The animal studies were approved by the Institutional Animal Care and Use Committee of Sichuan Agricultural University and followed National Institutes of Health guidelines for the performance of animal experiments.

Eleven kinds of fresh goose tissues, including small intestine (SI), lung (Lu), spleen (SP), liver (Li), kidney (K), cecum (Ce), cecal tonsil (CT), bursa of fabricius (BF), harderian gland (HG), proventriculus (Pr), and thymus (T) from three individual gooses at different age groups, were collected, respectively. The time points for sampling were one-day (1D) group, one-week (1W) group, two-week (2W) group, four-week (4W) group, and adult gooses (beyond one year) group.

2.3. RNA Extraction and Reverse Transcription PCR (RT-PCR)

Total RNA was extracted from fresh goose’s small intestine and cecum tissue, using the RNA extract reagent TRIzol reagent (Invitrogen, Carlsbad, CA, USA), according to the manufacturer’s instructions. The cDNA was synthesised using HiScript 1st Strand cDNA Synthesis Kit (Vazyme), according to the manufacturer’s instructions. And cDNA templates of all different samples were stored at −70°C.

2.4. Cloning and Sequencing of goIFNLR1

The degenerate primers of goIFNLR1 were designed via multiple sequence alignments with the Gallus gallus IFNLR1 (chIFNLR1) (GenBank accession number FJ947118.1) and Anas platyrhynchos predicted IFNLR1 (duIFNLR1) (GenBank accession number XM_0050 28146.1); then the areas of high homology were selected to design primers and the partial sequence of goose IFNLR1 was amplified with the primers IFNLR1-1F and IFNLR1-1R. The procedure of PCR amplification is as follows: initial denaturation at 94°C for 5 min followed by 35 cycles at 94°C for 30 s, annealing at 54°C for 30 s and extension at 72°C for 20 s, and at the end of the thermal cycling, a further extension at 72°C for 10 min following the last cycle. The full-length cDNA sequences of goIFNLR1 were gained using 5′ and 3′ rapid amplification of cDNA ends (RACE) polymerase chain reactions (PCRs), and the gene-specific primers (GSPs) were designed according to the partial sequence of goIFNLR1 obtained (all the primers were listed in Table 1). The 5′-end and 3′-end of goIFNLR1 were obtained by using the Nested PCR technique to amplification. First of all, the full-length cDNAs should use specificity primers to reverse transcription; these primers were IFNLR1-5G0 and 3RACE-AP, respectively. Secondly, 5′-end of the synthesized first-strand cDNA should add a homopolymeric tail using TdT and dCTP (Beyotiome, China). However, for 3′-RACE, there was no need to add the homopolymeric. Thirdly, for 5′-RACE, the two rounds of Nested PCR using the primers of IFNLR1-5GSP1 with Abridged Anchor Primer (5RACE-AAP) and the primers IFNLR1-5GSP2 with Abridged Universal Amplification Primer (5RACE-AUAP), respectively. For 3′-RACE, the 3′-end of goIFNLR1 was amplified also by the method of Nested PCR using the primers of IFNLR1-3GSP1 with Abridged Universal Amplification Primer (3RACE-AUAP) and the primers IFNLR1-3GSP2 with Abridged Universal Amplification Primer (3RACE-AUAP). Then, the full-length cDNA sequence of goIFNLR1 was confirmed by using PrimeSTAR Max DNA Polymerase (TaKaRa Co., LTD, Japan) with the primers of IFNLR1-2F and IFNLR1-2R. The interest DNA product was purified by using the gel extraction kit (Tiangen, Beijing, China). Finally, PCR and RACE-PCR products were cloned into the pMD 19-T vector (TaKaRa Co., LTD, Japan), the selected clones were sequenced and analyzed by using the ABI 3730 XL sequencer (Applied Biosystems, Foster City, CA).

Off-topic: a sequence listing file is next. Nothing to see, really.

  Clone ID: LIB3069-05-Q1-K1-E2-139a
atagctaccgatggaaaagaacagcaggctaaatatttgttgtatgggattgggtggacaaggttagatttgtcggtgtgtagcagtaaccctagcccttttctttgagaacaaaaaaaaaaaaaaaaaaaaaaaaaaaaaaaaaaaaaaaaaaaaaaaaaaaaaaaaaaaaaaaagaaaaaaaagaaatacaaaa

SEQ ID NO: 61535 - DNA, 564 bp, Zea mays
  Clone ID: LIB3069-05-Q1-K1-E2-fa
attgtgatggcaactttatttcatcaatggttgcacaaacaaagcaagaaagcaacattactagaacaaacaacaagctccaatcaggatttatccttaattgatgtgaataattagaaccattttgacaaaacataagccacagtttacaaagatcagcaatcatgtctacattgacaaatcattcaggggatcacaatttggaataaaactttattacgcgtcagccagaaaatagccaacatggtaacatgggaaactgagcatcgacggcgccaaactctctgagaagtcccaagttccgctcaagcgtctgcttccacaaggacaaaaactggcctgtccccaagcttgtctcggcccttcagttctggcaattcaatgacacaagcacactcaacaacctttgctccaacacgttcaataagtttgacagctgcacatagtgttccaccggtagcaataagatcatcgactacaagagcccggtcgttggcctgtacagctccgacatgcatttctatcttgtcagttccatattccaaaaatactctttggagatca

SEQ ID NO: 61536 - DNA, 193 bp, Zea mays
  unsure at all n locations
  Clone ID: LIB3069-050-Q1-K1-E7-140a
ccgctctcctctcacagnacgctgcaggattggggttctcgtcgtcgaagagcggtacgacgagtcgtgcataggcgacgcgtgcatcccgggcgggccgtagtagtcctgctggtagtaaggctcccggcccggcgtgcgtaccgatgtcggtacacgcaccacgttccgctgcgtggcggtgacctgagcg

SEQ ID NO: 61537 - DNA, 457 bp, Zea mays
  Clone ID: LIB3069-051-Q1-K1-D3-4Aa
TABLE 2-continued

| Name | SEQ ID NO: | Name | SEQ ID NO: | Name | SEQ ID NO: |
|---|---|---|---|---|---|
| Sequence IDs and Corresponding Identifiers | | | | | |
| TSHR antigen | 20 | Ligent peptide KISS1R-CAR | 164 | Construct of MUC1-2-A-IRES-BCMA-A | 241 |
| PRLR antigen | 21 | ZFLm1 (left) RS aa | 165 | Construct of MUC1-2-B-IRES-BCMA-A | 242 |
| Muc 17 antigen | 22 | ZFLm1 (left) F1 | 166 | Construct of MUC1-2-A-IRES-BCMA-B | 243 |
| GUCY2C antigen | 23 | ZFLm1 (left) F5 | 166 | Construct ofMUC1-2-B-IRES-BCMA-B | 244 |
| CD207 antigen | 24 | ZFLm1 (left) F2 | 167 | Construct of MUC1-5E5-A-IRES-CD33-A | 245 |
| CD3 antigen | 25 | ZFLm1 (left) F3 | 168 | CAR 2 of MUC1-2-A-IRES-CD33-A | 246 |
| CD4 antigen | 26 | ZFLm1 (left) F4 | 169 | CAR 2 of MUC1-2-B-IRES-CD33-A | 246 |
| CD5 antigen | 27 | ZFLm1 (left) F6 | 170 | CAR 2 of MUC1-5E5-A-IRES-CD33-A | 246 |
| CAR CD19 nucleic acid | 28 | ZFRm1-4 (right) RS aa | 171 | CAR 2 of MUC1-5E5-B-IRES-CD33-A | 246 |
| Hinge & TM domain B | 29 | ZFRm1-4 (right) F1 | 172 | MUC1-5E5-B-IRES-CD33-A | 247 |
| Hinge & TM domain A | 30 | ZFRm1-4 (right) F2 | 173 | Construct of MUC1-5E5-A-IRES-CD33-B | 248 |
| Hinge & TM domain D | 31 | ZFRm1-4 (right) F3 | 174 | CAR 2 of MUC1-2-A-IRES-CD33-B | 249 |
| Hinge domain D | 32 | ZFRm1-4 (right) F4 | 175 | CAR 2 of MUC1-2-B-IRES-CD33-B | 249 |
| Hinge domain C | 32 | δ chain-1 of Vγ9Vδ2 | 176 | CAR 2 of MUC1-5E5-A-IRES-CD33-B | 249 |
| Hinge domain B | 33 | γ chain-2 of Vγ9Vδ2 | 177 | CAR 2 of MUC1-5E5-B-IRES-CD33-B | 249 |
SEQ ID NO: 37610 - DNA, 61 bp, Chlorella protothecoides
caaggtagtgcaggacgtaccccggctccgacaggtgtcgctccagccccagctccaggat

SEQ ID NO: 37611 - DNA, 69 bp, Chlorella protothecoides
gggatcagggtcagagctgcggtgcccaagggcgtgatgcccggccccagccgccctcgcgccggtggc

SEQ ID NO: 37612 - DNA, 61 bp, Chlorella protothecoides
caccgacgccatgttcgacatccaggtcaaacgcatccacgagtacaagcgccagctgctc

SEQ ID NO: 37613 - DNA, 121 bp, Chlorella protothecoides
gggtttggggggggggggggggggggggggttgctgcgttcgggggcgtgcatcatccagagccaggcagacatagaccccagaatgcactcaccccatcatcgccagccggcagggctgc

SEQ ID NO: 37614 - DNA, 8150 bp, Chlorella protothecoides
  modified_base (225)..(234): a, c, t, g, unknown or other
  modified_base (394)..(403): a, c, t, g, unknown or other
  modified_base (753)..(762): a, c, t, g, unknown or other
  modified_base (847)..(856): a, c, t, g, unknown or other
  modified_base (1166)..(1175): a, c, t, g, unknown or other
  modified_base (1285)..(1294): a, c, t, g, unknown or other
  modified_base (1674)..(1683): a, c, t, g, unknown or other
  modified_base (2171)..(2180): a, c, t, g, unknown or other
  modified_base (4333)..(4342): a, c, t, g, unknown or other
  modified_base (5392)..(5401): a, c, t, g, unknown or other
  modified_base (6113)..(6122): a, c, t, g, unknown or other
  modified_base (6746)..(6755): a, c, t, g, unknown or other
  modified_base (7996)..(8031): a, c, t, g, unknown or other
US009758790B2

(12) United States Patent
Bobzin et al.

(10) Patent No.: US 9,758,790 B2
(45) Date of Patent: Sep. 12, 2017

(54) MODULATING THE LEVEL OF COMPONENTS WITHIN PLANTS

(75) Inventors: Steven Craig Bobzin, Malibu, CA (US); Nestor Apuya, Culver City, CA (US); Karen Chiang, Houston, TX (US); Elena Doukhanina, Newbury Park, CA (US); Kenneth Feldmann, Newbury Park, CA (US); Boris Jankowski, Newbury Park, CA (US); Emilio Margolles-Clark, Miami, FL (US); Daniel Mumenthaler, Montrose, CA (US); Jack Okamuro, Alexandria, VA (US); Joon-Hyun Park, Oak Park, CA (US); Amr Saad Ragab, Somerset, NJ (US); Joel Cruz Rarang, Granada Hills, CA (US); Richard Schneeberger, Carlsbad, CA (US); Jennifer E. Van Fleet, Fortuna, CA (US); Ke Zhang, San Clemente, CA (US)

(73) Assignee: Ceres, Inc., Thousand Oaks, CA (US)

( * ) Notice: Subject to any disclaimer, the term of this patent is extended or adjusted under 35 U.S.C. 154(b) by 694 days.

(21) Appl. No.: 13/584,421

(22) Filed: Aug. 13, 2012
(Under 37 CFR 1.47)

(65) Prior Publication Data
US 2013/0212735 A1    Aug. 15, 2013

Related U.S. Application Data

Primer nameSequence 5′-3′Application

Oligo(dT)18TTTTTTTTTTTTTTTTTTReverse transcription
IFNLR1-2FATGCTCCTCCATAAGTCGFull-length amplification
IFNLR1-2RGCTGTGACTTCTCCCTGAFull-length amplification

Taxonomy SpeciesAnser cygnoides Accession number
Identity (%)

BirdsAnas platyrhynchos 90XP_005028203.1
Gallus gallus 73AHF20241.1
Ficedula albicollis 63XP_005058494.1
Pseudopodoces humilis 58XP_005529866.1
Falco cherrug 75XP_005433108.1
Falco peregrinus 74XP_005234192.1
Melopsittacus undulatus 70XP_005142513.1
Columba livia 68XP_005513512.1
Corvus brachyrhynchos 61XP_008633390.1
Serinus canaria 62XP_009096915.1
Geospiza fortis 58XP_005427215.1
Zonotrichia albicollis 57XP_005494786.1
Aptenodytes forsteri 80XP_009274512.1

ReptilesAlligator sinensis 47XP_006019447.1
Chrysemys picta bellii 48XP_005302269.1

MammaliaMus musculus 36NP_777276.3
Oryctolagus cuniculus 32XP_002716066.1
Orcinus orca 35XP_004266740.1
Equus caballus 37XP_005607410.1
Homo sapiens 34NP_734464.1
Papio Anubis 35XP_003891375.2

FishDanio rerio 26NP_001184131.1

2.5. Quantitative Reverse Transcription PCR (qRT-PCR)

Bio-Rad CFX 96 Real-Time qPCR instrument was used for qRT-PCR, which was employed on total RNAs for detecting the tissue distribution of goIFNLR1 with primers of IFNLR1-3F and IFNLR1-3R (All the primers were listed in Table 1). 0.2 μL cDNA from eleven different tissues was used as the template, 5 μL EXPRESS SYBR Greener qPCR Super mix Universal (Invitrogen), 4.4 μL ddH2O and 0.2 μL intron-spanning primer which listed in Table 1. The cycling profile consisted of an initial denaturation at 95°C for 5 min, followed by 39 cycles of 95°C for 10 s, and 59°C for 30 s followed by melt curve analysis (from 65°C to 95°C with a heating rate at 0.5°C per second and a continuous fluorescence measurement). Expression level of the target genes was calculated using either standard curves method (goIFNLR1) or the comparative threshold cycle (Ct) method to derive fold change gene expression. Relative gene expression was calculated using the mean values obtained with the arithmetic formula ΔΔCt, as previously described. All data were normalized use the housekeeping gene goose beta-actin (GenBank accession number M26111.1) with the primers of β-actin-F and β-actin-R (Table 1) as an internal standard.